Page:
Good questions, and I do not subscribe to Paddy's viewpoint but rather think this issue needs re-discussion on the left, along with nuclear power. How much of a danger are these technologies really, how much time and effort are they worth from progressives, and how likely is it that such campaigns would be successful anyway--and if so, what would be the key to their success?

These questions should be discussed based on current information and political contexts and not from the point of view that it would be heretical to raise them, which is basically Robert's attitude and possibly that of some others here (I am not including Mitchel in this, as he has always shown willingness to discuss any issue and I think that is laudable.)


On Tue, Aug 26, 2008 at 1:57 PM, Mitchel Cohen <[log in to unmask]> wrote:
I recommend the book edited by Brian Tokar, "Redesigning Life," as a place to start on this discussion. If you'd like, I'll send a reading list from the anti-GMO end.

But why do we have to re-argue old arguments if people on this list refuse to hear what's been said in the past. To claim that "all plant and animal breeding is, in fact, genetic engineering", albeit with "one hand tied behind the back," misses the fundamental points that make g.e. DIFFERENT than hybridization, and that have been explicated here and elsewhere for years. Need we do that again? To the same people who didn't listen the first ten times?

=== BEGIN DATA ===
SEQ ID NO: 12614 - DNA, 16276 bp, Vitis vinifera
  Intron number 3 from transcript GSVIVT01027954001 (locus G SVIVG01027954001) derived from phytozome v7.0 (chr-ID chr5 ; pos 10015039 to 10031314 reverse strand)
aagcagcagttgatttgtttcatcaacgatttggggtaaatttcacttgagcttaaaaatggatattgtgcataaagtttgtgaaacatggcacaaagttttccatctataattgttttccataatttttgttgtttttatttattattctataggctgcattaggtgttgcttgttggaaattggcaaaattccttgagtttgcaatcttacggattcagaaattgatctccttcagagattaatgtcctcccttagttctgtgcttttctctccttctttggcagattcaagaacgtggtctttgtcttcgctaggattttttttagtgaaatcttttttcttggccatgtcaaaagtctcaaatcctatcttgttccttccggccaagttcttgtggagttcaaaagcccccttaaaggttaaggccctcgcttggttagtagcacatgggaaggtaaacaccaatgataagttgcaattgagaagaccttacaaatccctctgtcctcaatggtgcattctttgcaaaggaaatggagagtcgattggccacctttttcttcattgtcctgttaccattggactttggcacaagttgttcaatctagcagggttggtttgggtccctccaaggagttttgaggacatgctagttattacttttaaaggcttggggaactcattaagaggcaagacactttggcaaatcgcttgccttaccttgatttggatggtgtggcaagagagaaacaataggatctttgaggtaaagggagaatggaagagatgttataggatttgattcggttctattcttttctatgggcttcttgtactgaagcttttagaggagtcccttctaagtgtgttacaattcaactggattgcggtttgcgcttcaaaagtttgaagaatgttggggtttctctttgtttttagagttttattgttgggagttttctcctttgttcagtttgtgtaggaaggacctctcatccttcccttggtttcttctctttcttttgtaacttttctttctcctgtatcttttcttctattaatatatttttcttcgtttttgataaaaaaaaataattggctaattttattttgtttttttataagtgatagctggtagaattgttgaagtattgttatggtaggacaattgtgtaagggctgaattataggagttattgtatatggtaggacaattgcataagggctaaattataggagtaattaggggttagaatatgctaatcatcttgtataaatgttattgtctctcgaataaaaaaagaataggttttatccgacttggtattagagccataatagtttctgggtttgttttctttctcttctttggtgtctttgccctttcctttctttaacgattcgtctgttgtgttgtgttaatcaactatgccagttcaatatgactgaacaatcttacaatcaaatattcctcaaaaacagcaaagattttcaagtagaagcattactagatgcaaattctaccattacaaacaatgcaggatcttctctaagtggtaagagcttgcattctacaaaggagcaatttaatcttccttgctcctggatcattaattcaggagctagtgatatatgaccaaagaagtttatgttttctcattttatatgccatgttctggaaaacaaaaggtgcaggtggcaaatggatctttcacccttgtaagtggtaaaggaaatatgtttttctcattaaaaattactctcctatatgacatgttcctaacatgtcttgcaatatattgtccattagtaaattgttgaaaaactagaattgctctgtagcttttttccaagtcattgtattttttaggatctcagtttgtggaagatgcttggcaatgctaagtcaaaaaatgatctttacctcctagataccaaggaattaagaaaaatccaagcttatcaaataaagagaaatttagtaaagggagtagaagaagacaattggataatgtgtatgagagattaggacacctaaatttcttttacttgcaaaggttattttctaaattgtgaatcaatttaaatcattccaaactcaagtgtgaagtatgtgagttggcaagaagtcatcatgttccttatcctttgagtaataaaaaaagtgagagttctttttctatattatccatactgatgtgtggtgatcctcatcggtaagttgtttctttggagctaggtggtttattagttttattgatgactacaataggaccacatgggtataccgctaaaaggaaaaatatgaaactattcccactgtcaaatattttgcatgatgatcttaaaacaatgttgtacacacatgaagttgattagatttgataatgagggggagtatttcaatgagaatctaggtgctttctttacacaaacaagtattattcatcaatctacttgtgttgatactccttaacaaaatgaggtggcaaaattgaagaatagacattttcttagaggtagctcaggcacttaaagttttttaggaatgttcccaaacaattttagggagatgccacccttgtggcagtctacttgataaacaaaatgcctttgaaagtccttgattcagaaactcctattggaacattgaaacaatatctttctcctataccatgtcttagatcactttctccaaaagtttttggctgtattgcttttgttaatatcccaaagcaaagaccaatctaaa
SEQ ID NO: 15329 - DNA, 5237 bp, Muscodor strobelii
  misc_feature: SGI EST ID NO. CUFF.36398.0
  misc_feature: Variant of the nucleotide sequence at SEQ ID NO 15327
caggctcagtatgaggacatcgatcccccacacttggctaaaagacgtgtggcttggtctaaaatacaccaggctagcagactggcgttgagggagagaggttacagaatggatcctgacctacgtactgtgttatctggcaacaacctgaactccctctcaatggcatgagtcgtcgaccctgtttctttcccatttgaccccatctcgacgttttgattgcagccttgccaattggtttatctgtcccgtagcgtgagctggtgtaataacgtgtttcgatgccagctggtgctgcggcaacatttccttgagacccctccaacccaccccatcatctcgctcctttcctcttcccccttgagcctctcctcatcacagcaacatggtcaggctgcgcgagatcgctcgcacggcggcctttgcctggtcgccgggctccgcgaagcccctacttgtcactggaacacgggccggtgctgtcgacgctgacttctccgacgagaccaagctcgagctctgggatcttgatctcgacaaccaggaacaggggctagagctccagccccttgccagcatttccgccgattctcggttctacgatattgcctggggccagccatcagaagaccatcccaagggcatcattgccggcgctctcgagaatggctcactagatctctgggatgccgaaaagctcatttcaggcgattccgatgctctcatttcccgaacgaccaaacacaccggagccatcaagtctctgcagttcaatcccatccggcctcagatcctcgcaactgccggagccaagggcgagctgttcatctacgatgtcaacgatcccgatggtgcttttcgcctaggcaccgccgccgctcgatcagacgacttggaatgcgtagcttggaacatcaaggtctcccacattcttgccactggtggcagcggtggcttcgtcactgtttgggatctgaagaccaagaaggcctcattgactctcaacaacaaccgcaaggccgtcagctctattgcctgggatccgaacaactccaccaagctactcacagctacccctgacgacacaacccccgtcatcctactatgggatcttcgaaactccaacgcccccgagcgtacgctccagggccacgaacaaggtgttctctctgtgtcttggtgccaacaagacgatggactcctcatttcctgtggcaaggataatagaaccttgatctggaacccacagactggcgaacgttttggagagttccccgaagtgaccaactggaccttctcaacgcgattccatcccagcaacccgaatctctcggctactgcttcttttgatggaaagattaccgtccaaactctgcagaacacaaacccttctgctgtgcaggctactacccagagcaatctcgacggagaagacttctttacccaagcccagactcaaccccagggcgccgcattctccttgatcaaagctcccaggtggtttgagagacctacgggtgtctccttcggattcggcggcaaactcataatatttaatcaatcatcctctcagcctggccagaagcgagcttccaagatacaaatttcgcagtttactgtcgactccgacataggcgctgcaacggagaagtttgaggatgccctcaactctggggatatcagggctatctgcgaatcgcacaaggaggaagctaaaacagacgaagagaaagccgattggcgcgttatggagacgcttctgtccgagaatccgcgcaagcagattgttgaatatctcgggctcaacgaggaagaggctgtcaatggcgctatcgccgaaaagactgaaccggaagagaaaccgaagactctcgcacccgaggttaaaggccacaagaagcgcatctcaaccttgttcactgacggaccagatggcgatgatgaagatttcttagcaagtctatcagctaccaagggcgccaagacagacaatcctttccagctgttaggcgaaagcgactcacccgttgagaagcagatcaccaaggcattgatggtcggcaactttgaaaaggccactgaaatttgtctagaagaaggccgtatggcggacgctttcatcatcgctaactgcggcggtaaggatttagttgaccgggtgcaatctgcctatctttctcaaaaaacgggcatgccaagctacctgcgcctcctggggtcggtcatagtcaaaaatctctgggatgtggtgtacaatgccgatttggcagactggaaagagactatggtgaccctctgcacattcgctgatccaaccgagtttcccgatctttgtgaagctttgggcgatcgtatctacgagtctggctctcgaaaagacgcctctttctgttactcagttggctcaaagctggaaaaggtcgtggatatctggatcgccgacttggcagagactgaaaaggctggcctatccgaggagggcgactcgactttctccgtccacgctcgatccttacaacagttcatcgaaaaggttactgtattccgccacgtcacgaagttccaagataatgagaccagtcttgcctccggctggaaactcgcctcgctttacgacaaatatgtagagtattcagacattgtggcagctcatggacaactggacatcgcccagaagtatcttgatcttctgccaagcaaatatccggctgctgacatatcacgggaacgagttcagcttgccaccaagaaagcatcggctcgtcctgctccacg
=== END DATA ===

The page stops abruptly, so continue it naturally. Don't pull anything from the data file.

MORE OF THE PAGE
My point -- Is this an honest discussion, with people who have open minds (hey, I'm willing to hear new arguments about G.E., but not the same old sillyness from those whose ears have walls) -- or is it just a chance to belch out corporate propaganda? And to what purpose would we revisit this theme, other than the new push being made by the biotech industry to gain acceptance for g.e. agro-fuels?


At 04:09 AM 8/26/2008, you wrote:
Those still tied to attacks on genetic engineering and the European ban on GM foods should listen to the discussion begun today on BBC Radio 4 Farming Today.

Today's progtramme is available on the web at <>, which for the next 7 days will give acces to the programme on "Listeb Again",

British agricultural science establishments are currently reduced to operating "with one hand tied behind their back" by the current ban on genetic engineering in Europe.

Non-scientists still refuse to udnerstand that all plant and animal breeding is, in fact, genetic engineering "with one hand tied behind the back".


Michael Balter
Contributing Correspondent, Science
Adjunct Professor of Journalism,
Boston University

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